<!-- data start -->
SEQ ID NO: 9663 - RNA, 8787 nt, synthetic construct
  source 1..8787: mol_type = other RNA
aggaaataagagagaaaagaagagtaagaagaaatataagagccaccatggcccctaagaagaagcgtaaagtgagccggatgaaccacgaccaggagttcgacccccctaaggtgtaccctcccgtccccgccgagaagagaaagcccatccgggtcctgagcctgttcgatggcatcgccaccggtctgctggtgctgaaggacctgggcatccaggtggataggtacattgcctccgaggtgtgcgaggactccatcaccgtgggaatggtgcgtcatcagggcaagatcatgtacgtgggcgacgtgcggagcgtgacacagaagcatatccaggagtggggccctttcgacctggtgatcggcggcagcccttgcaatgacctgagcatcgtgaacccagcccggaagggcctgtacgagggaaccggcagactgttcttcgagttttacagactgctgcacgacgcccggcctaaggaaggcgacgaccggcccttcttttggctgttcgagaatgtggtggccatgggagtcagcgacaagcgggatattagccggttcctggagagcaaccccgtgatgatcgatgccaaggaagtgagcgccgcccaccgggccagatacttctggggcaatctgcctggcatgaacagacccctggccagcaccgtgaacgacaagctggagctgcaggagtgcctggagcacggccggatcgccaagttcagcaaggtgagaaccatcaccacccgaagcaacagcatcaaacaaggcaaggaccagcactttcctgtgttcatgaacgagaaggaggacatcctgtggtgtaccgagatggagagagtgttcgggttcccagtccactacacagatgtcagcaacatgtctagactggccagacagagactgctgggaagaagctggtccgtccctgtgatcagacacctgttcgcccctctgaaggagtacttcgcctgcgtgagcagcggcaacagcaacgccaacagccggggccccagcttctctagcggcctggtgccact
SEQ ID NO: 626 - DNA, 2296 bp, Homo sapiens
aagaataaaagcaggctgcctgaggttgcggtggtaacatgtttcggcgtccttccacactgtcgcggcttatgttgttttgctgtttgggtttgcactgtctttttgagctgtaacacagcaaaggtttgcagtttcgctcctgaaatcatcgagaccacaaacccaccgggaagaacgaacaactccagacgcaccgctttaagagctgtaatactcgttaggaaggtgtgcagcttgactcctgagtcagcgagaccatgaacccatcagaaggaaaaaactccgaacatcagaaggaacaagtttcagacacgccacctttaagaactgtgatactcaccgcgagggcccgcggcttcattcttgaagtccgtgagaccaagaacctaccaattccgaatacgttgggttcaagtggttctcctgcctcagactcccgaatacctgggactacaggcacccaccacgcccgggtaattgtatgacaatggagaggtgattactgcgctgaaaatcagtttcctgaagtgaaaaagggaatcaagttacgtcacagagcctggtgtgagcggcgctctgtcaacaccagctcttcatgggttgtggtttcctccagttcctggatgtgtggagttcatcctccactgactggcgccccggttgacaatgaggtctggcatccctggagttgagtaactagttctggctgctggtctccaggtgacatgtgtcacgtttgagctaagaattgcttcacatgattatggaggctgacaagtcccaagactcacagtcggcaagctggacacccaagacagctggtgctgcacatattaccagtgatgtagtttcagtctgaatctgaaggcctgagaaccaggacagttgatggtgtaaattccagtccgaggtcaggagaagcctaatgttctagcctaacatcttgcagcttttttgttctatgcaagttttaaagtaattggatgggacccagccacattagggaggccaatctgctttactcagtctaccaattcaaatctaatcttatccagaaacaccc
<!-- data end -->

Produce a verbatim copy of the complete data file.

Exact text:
SEQ ID NO: 9663 - RNA, 8787 nt, synthetic construct
  source 1..8787: mol_type = other RNA
aggaaataagagagaaaagaagagtaagaagaaatataagagccaccatggcccctaagaagaagcgtaaagtgagccggatgaaccacgaccaggagttcgacccccctaaggtgtaccctcccgtccccgccgagaagagaaagcccatccgggtcctgagcctgttcgatggcatcgccaccggtctgctggtgctgaaggacctgggcatccaggtggataggtacattgcctccgaggtgtgcgaggactccatcaccgtgggaatggtgcgtcatcagggcaagatcatgtacgtgggcgacgtgcggagcgtgacacagaagcatatccaggagtggggccctttcgacctggtgatcggcggcagcccttgcaatgacctgagcatcgtgaacccagcccggaagggcctgtacgagggaaccggcagactgttcttcgagttttacagactgctgcacgacgcccggcctaaggaaggcgacgaccggcccttcttttggctgttcgagaatgtggtggccatgggagtcagcgacaagcgggatattagccggttcctggagagcaaccccgtgatgatcgatgccaaggaagtgagcgccgcccaccgggccagatacttctggggcaatctgcctggcatgaacagacccctggccagcaccgtgaacgacaagctggagctgcaggagtgcctggagcacggccggatcgccaagttcagcaaggtgagaaccatcaccacccgaagcaacagcatcaaacaaggcaaggaccagcactttcctgtgttcatgaacgagaaggaggacatcctgtggtgtaccgagatggagagagtgttcgggttcccagtccactacacagatgtcagcaacatgtctagactggccagacagagactgctgggaagaagctggtccgtccctgtgatcagacacctgttcgcccctctgaaggagtacttcgcctgcgtgagcagcggcaacagcaacgccaacagccggggccccagcttctctagcggcctggtgccact
SEQ ID NO: 626 - DNA, 2296 bp, Homo sapiens
aagaataaaagcaggctgcctgaggttgcggtggtaacatgtttcggcgtccttccacactgtcgcggcttatgttgttttgctgtttgggtttgcactgtctttttgagctgtaacacagcaaaggtttgcagtttcgctcctgaaatcatcgagaccacaaacccaccgggaagaacgaacaactccagacgcaccgctttaagagctgtaatactcgttaggaaggtgtgcagcttgactcctgagtcagcgagaccatgaacccatcagaaggaaaaaactccgaacatcagaaggaacaagtttcagacacgccacctttaagaactgtgatactcaccgcgagggcccgcggcttcattcttgaagtccgtgagaccaagaacctaccaattccgaatacgttgggttcaagtggttctcctgcctcagactcccgaatacctgggactacaggcacccaccacgcccgggtaattgtatgacaatggagaggtgattactgcgctgaaaatcagtttcctgaagtgaaaaagggaatcaagttacgtcacagagcctggtgtgagcggcgctctgtcaacaccagctcttcatgggttgtggtttcctccagttcctggatgtgtggagttcatcctccactgactggcgccccggttgacaatgaggtctggcatccctggagttgagtaactagttctggctgctggtctccaggtgacatgtgtcacgtttgagctaagaattgcttcacatgattatggaggctgacaagtcccaagactcacagtcggcaagctggacacccaagacagctggtgctgcacatattaccagtgatgtagtttcagtctgaatctgaaggcctgagaaccaggacagttgatggtgtaaattccagtccgaggtcaggagaagcctaatgttctagcctaacatcttgcagcttttttgttctatgcaagttttaaagtaattggatgggacccagccacattagggaggccaatctgctttactcagtctaccaattcaaatctaatcttatccagaaacaccc